Andy kindly provides me with regular updates on the progress of crops; the gooseberry harvest, the rhubarb, the French beans and the asparagus crowns. It always strikes me that the allotment gardener is sensitive to the seasons in-between the main events of spring, summer, autumn, winter. Many cultures name these as micro-seasons: the Japanese calendar, for example, was traditionally divided into twenty-four seasons each of which has three phases, resulting in a total of seventy-two micro-seasons in a year. Each cycle in this Japanese classification is named for a unique weather pattern, flowering shrub or bird song. The rhythm and measured flow of the seasons are observed with a keen respect for the life force of nature; the atmosphere’s small adjustments characterise change and move forward with all their twists, turns and challenges.
The second stage of ‘Frost Falls’, is known as Kosame tokidoki furu 霎時施 roughly translated as Light rain sometimes falls where the weather is changeable, the intermittent rain and cold winds indicate an edging towards winter. I am sure gardeners everywhere tend to mark their calendars in such a nuanced way, anticipating the subtle changes and necessities associated with tending to the land, especially crops of seasonal fruit and veg. Regardless of the weather forecast, the list of jobs remains. Increasingly I notice how many people seem keen to declare ‘it’s summer!’ just when spring has commenced its elaborate and detailed cycle. I suspect it is related to the desire for a change in temperature, a slightly warmer day and suddenly it’s summertime. Still, I feel a certain protectiveness over the seasons and hope they continue to occupy a firm place in our cultural imagination: the ritual, music, poetry, art and meals created in honour of the turn to spring, or icy winter mornings.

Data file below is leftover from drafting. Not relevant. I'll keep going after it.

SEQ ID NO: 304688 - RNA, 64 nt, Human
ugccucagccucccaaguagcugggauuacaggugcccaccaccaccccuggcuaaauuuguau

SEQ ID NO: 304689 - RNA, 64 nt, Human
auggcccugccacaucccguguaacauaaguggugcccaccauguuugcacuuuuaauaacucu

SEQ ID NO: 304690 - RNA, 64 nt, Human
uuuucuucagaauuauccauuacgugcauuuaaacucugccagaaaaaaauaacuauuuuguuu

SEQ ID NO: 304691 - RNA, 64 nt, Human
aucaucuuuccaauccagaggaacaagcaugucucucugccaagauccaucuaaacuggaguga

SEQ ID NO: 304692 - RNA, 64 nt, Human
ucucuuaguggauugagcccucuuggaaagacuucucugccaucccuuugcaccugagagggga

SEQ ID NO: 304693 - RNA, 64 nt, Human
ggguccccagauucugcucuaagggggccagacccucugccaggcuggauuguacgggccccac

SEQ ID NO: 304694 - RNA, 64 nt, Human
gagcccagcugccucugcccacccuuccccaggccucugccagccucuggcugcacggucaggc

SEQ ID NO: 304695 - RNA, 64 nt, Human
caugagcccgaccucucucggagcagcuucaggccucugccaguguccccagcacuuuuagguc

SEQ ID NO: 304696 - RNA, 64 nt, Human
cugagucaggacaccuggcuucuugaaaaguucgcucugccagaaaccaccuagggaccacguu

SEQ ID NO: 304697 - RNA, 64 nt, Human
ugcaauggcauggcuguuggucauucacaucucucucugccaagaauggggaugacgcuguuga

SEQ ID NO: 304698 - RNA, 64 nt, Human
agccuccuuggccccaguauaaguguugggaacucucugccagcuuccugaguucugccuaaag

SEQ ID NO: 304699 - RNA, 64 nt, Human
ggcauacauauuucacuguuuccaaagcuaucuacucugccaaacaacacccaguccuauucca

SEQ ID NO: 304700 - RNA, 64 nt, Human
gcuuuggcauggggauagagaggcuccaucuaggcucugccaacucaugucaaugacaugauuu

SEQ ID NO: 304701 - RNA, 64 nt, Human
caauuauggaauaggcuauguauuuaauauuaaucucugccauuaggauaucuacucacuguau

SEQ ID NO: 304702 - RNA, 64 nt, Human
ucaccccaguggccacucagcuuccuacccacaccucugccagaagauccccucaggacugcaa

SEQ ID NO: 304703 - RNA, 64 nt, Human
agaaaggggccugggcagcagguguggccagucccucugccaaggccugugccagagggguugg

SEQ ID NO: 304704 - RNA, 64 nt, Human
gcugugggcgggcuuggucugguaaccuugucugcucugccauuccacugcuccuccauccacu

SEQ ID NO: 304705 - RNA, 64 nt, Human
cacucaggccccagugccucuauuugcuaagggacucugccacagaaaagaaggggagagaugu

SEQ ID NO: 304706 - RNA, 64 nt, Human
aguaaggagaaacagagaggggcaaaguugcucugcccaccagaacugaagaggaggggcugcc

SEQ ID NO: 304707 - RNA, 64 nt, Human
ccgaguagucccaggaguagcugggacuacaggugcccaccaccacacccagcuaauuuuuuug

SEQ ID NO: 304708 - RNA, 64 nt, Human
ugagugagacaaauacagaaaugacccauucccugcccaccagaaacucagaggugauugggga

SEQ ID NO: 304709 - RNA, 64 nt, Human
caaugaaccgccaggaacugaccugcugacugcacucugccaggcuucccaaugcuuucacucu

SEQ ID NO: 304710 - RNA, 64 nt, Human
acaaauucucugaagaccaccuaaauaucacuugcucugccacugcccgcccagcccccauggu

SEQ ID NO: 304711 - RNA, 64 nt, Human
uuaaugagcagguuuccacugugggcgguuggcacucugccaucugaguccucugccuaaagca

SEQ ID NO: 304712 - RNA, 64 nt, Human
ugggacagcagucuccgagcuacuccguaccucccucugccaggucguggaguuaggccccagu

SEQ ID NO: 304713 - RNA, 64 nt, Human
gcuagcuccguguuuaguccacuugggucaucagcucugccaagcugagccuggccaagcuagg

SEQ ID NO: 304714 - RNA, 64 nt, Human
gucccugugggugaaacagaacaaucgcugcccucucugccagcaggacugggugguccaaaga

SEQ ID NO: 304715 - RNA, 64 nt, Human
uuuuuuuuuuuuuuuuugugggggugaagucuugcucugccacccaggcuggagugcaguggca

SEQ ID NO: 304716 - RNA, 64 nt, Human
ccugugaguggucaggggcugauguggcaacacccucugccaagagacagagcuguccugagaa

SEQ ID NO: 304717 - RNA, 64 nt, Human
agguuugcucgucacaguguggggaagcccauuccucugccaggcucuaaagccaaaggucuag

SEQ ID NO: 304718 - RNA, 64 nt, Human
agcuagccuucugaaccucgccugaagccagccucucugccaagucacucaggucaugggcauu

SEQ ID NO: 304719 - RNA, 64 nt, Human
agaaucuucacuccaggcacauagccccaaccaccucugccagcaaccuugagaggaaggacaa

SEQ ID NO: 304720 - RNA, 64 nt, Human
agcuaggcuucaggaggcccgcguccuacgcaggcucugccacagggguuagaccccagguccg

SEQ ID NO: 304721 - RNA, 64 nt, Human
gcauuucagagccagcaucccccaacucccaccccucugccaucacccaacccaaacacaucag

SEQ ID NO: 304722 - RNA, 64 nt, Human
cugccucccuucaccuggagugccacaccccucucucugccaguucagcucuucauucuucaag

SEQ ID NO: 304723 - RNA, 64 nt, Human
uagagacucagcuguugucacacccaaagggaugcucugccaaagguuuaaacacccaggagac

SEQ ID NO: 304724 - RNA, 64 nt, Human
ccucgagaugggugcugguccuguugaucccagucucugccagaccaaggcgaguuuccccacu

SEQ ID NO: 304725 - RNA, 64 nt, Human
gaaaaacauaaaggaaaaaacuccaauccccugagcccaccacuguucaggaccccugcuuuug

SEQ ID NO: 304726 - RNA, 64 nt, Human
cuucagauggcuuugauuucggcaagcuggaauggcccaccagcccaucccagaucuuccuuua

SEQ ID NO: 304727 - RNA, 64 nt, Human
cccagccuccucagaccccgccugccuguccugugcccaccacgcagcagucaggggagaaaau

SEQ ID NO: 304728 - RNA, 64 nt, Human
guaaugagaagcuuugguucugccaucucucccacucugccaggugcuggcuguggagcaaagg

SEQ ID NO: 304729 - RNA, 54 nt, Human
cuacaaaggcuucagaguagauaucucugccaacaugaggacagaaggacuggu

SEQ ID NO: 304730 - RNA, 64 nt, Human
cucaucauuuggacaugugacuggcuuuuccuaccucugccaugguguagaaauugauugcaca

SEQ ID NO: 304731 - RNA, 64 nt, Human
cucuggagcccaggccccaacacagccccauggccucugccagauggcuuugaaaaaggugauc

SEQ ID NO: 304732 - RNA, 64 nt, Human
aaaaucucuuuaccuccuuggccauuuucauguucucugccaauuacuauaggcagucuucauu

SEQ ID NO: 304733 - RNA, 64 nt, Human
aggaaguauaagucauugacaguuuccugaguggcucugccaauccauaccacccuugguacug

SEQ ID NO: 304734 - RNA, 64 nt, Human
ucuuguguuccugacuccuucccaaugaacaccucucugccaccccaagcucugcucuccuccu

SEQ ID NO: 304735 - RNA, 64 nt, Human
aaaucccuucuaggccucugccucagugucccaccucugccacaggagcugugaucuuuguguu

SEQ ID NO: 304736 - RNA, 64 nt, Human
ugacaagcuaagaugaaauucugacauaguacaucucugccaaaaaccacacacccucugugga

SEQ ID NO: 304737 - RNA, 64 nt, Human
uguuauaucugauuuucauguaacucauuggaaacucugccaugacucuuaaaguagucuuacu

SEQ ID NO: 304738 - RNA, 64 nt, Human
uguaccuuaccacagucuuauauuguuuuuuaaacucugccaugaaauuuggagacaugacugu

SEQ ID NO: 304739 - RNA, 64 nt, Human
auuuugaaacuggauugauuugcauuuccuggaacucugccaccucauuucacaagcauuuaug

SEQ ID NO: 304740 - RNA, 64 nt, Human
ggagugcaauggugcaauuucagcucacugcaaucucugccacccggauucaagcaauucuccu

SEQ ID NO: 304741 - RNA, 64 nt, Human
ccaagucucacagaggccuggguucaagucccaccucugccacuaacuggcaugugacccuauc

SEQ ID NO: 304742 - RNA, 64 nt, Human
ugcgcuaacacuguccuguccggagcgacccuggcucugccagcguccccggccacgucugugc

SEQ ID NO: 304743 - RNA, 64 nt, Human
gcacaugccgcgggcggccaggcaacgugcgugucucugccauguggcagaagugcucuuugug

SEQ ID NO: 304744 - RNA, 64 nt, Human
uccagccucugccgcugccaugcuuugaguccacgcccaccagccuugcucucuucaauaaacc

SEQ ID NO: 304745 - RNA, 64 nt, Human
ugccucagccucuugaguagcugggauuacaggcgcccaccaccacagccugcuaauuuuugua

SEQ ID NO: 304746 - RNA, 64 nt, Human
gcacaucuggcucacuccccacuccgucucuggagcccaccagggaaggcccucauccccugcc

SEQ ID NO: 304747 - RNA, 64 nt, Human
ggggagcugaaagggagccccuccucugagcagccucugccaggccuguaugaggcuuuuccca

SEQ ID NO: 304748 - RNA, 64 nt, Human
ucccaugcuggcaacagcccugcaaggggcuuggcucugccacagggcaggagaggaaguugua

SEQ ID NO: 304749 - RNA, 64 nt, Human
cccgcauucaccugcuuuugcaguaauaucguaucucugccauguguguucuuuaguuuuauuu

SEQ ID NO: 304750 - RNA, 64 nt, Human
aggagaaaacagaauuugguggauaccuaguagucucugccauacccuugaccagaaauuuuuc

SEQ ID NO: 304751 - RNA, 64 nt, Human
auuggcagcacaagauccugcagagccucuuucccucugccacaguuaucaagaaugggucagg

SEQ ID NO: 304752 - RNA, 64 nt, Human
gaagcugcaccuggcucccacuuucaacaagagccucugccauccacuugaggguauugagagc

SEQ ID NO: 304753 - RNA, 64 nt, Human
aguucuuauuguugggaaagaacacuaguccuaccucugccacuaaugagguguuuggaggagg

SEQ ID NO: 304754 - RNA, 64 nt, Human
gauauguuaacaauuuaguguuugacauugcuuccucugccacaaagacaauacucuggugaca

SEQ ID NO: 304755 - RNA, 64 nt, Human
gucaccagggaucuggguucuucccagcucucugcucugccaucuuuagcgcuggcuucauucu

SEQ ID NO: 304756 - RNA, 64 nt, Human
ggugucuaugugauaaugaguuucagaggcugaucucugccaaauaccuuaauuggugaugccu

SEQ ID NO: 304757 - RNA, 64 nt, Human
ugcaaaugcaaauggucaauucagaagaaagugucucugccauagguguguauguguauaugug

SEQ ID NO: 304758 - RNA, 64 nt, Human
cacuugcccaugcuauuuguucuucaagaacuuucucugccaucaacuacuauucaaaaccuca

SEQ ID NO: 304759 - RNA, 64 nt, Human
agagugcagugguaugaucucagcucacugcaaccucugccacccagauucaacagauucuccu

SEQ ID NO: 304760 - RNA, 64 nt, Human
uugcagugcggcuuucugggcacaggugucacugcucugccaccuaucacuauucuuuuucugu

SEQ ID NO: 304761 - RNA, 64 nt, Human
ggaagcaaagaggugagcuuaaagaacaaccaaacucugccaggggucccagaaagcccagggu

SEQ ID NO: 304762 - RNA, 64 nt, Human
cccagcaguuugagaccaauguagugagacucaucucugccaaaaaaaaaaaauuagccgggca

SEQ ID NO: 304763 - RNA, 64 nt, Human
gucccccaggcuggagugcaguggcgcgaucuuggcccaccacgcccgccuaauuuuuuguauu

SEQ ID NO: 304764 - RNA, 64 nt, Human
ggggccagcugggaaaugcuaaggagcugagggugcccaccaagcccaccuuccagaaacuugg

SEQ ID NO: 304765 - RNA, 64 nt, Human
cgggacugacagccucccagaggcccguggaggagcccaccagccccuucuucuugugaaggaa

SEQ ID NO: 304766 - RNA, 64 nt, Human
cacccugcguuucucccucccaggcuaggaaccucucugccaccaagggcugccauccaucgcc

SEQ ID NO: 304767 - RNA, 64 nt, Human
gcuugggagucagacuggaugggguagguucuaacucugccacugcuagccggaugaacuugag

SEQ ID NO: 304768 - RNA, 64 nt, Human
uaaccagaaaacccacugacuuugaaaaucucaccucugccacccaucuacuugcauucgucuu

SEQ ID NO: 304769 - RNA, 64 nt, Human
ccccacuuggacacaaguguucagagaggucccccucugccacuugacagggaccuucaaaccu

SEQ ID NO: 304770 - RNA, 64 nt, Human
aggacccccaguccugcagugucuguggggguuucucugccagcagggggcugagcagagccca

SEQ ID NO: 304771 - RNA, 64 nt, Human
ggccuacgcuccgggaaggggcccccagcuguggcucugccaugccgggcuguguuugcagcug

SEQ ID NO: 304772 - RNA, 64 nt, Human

Evelyn Dunbar’s oil sketch Sprout Picking, Monmouthshire, 1943, documents the efforts of the Women’s Land Army working in the Welsh countryside. Beneath a mid-winter’s sky, Land Girls harvest sprouts. In a choreography of sorts, their bodies are doubled over the neat rows of stalks. Blending into the landscape the women are dressed in shades of green with scarves and pointed hats to cover their ears and keep their heads warm. As they work their way closer towards us, we anticipate their upward glance. Perhaps in an effort to straighten out they place a hand on their back and, opening out their shoulders, take a deep breath. There is so much movement and rhythm in this small image; dove grey clouds linger around a radiant sun as it sits low in the apricot-buff sky, and the horizon line is painted three strips thick in varying tones of slate, with the tips of the bare hedge defined with a frosty halo. The helical pattern in which the buds grow on the stalk is obvious only to the Land Girls as they stoop over to collect leaves and sprouts. Perched slightly above ground level, our view sees only the last of the daylight catching on the top of the plants. Dunbar’s other paintings of the Land Girls outdoors pea-picking, potato sorting, threshing and bailing, show an interactive and lively group engaged in the demands of agricultural labour.